In April, the US used more renewable energy than coal

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A momentous change took place in the US, and it was largely fueled by one of the more unlikely places: Texas.

It may seem that the US has taken a U-turn when it comes to clean energy, largely due to the current’s administration stance — pro-fossil fuels and against renewable energy. But under the radar, renewable energy continues its growth. In April, the renewable energy sector (hydro, biomass, wind, solar and geothermal) has generated more electricity than coal-fired plants, and current projections suggest that it will also trump coal in May.

An impressive change representative of this tipping point is the state of Texas, traditionally one of the US states most fond of fossil fuels. Wind and solar in the state overtook coal for the entire first quarter of 2019 and with 300 renewable energy projects currently in the works for Texas, there are reasons to be optimistic that the state is slowly transitioning from coal to renewable energy, according to zmescience.com.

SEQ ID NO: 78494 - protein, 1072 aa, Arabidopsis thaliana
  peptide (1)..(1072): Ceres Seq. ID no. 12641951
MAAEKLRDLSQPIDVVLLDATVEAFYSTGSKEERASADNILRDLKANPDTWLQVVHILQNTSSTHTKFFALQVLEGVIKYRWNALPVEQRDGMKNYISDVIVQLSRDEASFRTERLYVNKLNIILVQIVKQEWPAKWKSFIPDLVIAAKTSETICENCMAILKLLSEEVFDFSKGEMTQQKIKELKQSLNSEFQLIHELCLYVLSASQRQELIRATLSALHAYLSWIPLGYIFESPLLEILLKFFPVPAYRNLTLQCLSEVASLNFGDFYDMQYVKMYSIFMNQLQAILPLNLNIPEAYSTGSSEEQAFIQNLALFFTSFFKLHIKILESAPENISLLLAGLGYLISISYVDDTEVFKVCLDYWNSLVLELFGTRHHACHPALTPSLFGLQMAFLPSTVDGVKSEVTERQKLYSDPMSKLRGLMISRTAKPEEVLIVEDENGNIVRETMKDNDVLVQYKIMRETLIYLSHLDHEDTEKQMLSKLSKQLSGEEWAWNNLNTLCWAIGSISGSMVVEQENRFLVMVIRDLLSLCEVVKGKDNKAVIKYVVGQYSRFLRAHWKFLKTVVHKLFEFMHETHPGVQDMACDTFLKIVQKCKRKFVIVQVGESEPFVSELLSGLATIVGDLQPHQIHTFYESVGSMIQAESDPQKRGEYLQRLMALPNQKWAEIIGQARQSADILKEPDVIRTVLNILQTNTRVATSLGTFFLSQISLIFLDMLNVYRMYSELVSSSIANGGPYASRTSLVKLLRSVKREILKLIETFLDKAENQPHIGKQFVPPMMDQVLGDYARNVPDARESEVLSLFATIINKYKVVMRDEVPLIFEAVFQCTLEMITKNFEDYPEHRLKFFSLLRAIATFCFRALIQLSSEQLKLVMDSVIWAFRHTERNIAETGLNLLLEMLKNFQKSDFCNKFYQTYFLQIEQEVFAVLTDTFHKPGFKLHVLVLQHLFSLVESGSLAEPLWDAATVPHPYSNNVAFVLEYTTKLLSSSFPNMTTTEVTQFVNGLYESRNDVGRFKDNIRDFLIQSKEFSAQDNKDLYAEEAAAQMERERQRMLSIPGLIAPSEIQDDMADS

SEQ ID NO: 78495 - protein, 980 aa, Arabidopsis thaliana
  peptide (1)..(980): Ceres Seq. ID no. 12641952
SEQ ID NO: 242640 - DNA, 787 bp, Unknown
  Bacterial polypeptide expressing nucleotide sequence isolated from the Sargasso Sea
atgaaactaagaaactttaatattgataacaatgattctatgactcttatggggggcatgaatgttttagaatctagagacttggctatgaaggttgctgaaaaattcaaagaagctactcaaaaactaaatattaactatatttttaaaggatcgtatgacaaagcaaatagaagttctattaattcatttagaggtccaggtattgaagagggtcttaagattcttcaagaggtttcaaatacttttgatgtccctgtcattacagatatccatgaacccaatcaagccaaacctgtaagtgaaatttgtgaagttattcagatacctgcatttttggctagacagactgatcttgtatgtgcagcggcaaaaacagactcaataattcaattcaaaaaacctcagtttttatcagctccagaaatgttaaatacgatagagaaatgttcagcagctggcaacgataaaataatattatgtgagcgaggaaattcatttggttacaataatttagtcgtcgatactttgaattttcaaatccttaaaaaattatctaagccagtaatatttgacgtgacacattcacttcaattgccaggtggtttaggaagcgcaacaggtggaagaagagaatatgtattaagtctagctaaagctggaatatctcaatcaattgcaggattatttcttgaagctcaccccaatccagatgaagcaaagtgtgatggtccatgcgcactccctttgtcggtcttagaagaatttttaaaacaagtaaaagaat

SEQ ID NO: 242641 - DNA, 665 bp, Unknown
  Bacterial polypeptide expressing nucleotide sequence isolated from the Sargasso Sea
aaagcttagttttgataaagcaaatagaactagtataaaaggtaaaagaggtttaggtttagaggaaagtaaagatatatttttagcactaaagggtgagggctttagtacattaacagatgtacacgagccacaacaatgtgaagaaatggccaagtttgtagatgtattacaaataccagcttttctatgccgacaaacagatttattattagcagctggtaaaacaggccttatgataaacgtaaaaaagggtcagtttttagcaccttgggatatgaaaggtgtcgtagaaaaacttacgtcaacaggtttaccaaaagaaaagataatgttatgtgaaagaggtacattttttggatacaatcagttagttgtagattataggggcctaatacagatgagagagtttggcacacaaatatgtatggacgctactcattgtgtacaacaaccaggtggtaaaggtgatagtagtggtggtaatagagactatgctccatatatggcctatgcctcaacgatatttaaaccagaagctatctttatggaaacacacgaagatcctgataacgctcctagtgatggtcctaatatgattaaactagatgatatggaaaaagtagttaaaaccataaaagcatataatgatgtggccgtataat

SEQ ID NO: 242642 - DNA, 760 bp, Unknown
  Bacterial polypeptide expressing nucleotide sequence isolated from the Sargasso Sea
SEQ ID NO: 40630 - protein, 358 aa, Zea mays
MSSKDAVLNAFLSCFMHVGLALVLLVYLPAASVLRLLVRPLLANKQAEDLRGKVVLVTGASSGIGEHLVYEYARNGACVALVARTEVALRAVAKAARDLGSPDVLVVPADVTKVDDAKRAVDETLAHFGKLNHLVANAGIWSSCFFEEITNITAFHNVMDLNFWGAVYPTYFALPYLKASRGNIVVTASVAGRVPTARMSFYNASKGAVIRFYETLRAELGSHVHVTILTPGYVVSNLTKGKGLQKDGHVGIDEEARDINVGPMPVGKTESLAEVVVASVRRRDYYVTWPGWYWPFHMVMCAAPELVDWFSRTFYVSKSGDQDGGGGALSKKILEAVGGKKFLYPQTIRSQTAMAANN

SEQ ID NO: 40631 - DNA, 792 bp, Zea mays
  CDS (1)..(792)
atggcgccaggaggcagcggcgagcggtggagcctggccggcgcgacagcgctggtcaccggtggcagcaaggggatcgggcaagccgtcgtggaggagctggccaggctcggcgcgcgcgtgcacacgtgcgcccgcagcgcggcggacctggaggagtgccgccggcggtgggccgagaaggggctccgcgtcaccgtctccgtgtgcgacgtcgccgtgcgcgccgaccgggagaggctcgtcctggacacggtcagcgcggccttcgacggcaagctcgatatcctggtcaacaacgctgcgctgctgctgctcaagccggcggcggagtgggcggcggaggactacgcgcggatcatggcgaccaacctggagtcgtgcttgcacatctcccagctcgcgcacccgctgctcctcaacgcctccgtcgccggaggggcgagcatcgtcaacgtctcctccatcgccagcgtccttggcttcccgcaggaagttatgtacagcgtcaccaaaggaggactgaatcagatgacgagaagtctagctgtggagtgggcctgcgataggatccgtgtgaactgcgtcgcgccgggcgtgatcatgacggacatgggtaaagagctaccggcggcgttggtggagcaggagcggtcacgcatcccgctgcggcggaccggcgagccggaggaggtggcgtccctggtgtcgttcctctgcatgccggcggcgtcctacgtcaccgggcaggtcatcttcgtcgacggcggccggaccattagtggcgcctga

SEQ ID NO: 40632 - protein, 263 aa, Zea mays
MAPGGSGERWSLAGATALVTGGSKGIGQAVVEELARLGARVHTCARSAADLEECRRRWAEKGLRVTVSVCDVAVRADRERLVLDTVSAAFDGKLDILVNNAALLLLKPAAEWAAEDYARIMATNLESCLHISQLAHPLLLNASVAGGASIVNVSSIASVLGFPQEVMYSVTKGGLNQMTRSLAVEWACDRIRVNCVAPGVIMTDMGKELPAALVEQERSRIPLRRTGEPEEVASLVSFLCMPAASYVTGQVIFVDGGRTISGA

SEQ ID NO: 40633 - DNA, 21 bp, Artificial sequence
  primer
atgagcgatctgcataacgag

Texas is also not alone. Several other states, including California, New Mexico, and Hawaii, have announced policies that support green energy. However, this doesn’t mean that renewables have become dominant in the US.

It’s still a long way away from renewables surpassing coal at a national, yearly level.

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